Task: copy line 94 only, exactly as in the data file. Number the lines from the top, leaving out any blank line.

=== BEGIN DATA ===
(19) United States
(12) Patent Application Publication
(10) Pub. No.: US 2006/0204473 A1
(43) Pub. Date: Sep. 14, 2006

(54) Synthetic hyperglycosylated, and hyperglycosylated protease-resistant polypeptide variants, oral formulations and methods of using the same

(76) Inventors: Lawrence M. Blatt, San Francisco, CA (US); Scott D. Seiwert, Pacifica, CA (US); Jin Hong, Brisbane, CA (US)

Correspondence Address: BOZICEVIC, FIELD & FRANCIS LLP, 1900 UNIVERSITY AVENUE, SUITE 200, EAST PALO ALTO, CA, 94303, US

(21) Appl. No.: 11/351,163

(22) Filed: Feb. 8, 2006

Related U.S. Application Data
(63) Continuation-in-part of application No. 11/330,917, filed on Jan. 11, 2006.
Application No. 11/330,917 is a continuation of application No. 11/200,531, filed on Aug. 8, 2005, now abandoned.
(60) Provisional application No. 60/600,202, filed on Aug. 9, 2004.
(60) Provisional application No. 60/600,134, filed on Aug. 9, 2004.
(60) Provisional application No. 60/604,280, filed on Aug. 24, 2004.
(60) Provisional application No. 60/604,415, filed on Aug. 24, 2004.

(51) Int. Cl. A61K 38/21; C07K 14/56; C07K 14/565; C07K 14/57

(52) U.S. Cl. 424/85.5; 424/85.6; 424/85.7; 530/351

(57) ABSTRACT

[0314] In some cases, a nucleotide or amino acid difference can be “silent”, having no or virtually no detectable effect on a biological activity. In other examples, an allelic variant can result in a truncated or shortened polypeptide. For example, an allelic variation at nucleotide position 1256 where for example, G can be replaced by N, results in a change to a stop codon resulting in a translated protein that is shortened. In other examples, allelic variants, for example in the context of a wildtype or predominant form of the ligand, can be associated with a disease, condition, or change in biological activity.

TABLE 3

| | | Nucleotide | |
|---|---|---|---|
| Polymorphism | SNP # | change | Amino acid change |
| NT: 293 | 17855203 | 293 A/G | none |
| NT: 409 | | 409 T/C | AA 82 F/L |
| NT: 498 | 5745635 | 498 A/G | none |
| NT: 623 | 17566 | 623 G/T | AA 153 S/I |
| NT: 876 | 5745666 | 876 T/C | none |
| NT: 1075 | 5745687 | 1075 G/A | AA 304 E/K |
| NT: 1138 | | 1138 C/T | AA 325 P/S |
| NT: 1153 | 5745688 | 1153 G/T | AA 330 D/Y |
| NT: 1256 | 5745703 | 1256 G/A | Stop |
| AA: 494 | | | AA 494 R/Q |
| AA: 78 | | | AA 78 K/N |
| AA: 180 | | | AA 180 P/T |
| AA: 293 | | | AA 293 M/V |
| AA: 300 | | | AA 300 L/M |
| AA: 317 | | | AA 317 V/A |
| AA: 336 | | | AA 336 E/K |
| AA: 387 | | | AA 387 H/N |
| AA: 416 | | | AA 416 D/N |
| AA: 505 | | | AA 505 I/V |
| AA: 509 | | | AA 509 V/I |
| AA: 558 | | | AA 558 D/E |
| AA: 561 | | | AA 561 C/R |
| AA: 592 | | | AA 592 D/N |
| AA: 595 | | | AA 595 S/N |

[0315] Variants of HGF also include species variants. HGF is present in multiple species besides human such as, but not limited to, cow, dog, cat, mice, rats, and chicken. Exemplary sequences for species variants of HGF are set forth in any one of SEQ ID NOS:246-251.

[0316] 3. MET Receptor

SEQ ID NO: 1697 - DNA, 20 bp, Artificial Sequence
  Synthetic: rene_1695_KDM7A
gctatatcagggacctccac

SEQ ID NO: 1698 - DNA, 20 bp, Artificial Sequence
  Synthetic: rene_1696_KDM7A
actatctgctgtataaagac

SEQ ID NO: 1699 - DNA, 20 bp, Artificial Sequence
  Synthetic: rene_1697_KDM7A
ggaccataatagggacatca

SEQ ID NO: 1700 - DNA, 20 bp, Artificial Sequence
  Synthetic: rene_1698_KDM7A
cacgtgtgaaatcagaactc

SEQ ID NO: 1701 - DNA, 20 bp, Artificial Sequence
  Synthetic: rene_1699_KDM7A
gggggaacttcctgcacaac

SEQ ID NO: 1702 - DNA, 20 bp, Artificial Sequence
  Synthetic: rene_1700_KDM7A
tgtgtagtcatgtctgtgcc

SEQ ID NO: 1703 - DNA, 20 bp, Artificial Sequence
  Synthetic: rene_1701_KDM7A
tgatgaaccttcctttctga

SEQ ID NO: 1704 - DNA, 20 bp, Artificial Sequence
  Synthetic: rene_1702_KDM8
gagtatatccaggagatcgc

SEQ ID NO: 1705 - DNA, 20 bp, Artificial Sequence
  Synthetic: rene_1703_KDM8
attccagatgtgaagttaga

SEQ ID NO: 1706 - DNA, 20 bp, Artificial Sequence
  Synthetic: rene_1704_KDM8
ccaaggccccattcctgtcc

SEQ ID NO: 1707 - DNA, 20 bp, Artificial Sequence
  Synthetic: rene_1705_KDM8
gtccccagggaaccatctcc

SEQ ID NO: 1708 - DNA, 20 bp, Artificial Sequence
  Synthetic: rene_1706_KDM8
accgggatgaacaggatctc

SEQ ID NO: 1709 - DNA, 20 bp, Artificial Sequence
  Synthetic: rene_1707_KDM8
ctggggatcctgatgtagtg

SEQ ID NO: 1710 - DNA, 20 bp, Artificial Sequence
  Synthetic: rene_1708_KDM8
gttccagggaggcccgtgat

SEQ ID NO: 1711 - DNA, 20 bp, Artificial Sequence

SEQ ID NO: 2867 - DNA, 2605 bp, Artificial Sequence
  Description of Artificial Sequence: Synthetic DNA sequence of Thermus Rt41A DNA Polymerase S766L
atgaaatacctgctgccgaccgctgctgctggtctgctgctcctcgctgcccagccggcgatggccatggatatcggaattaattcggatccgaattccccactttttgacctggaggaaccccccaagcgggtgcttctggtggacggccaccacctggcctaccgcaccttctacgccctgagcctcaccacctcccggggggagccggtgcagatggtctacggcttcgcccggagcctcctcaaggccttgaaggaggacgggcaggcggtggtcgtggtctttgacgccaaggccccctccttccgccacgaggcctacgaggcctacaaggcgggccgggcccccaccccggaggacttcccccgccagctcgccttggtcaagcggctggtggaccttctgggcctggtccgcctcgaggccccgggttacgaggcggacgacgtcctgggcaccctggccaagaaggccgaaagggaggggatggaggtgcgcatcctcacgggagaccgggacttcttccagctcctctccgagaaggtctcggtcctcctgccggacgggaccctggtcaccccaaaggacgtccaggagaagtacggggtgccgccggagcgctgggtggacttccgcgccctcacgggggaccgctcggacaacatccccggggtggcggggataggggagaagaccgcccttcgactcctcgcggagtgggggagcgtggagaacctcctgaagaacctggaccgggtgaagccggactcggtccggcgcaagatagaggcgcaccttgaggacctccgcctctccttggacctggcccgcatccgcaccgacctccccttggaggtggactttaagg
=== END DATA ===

SEQ ID NO: 2867 - DNA, 2605 bp, Artificial Sequence